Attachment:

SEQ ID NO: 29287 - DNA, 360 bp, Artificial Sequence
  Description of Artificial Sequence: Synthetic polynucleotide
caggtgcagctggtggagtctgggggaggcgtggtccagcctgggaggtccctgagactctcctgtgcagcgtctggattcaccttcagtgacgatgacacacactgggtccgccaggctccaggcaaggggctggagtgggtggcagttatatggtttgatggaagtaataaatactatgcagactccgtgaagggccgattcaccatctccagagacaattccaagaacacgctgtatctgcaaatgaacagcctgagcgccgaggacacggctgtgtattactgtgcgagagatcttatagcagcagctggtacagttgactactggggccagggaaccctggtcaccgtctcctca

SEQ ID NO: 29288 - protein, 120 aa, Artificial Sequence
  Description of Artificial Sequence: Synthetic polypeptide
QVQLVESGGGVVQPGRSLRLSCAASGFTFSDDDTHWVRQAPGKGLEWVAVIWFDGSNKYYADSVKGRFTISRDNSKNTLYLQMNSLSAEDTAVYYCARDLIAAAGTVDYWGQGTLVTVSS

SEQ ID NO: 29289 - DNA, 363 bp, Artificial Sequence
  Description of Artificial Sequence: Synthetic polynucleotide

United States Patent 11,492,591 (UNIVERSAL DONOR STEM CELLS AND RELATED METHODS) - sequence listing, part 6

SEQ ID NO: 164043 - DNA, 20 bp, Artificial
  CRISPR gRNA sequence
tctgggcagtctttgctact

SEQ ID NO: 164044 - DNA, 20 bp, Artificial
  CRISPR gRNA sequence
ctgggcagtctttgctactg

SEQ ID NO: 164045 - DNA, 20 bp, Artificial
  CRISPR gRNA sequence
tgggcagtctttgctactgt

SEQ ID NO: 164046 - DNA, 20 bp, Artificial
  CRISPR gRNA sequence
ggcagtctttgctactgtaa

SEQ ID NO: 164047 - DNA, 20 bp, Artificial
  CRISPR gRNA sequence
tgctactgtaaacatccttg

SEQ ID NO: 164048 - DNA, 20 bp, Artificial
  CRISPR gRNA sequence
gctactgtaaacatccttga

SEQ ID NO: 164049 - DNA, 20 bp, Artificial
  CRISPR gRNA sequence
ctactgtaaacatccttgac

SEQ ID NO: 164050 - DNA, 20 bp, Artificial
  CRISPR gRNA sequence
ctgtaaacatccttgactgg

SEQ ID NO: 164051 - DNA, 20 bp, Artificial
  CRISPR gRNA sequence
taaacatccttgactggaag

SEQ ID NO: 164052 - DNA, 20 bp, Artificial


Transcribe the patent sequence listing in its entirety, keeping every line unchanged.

SEQ ID NO: 29287 - DNA, 360 bp, Artificial Sequence
  Description of Artificial Sequence: Synthetic polynucleotide
caggtgcagctggtggagtctgggggaggcgtggtccagcctgggaggtccctgagactctcctgtgcagcgtctggattcaccttcagtgacgatgacacacactgggtccgccaggctccaggcaaggggctggagtgggtggcagttatatggtttgatggaagtaataaatactatgcagactccgtgaagggccgattcaccatctccagagacaattccaagaacacgctgtatctgcaaatgaacagcctgagcgccgaggacacggctgtgtattactgtgcgagagatcttatagcagcagctggtacagttgactactggggccagggaaccctggtcaccgtctcctca

SEQ ID NO: 29288 - protein, 120 aa, Artificial Sequence
  Description of Artificial Sequence: Synthetic polypeptide
QVQLVESGGGVVQPGRSLRLSCAASGFTFSDDDTHWVRQAPGKGLEWVAVIWFDGSNKYYADSVKGRFTISRDNSKNTLYLQMNSLSAEDTAVYYCARDLIAAAGTVDYWGQGTLVTVSS

SEQ ID NO: 29289 - DNA, 363 bp, Artificial Sequence
  Description of Artificial Sequence: Synthetic polynucleotide

United States Patent 11,492,591 (UNIVERSAL DONOR STEM CELLS AND RELATED METHODS) - sequence listing, part 6

SEQ ID NO: 164043 - DNA, 20 bp, Artificial
  CRISPR gRNA sequence
tctgggcagtctttgctact

SEQ ID NO: 164044 - DNA, 20 bp, Artificial
  CRISPR gRNA sequence
ctgggcagtctttgctactg

SEQ ID NO: 164045 - DNA, 20 bp, Artificial
  CRISPR gRNA sequence
tgggcagtctttgctactgt

SEQ ID NO: 164046 - DNA, 20 bp, Artificial
  CRISPR gRNA sequence
ggcagtctttgctactgtaa

SEQ ID NO: 164047 - DNA, 20 bp, Artificial
  CRISPR gRNA sequence
tgctactgtaaacatccttg

SEQ ID NO: 164048 - DNA, 20 bp, Artificial
  CRISPR gRNA sequence
gctactgtaaacatccttga

SEQ ID NO: 164049 - DNA, 20 bp, Artificial
  CRISPR gRNA sequence
ctactgtaaacatccttgac

SEQ ID NO: 164050 - DNA, 20 bp, Artificial
  CRISPR gRNA sequence
ctgtaaacatccttgactgg

SEQ ID NO: 164051 - DNA, 20 bp, Artificial
  CRISPR gRNA sequence
taaacatccttgactggaag

SEQ ID NO: 164052 - DNA, 20 bp, Artificial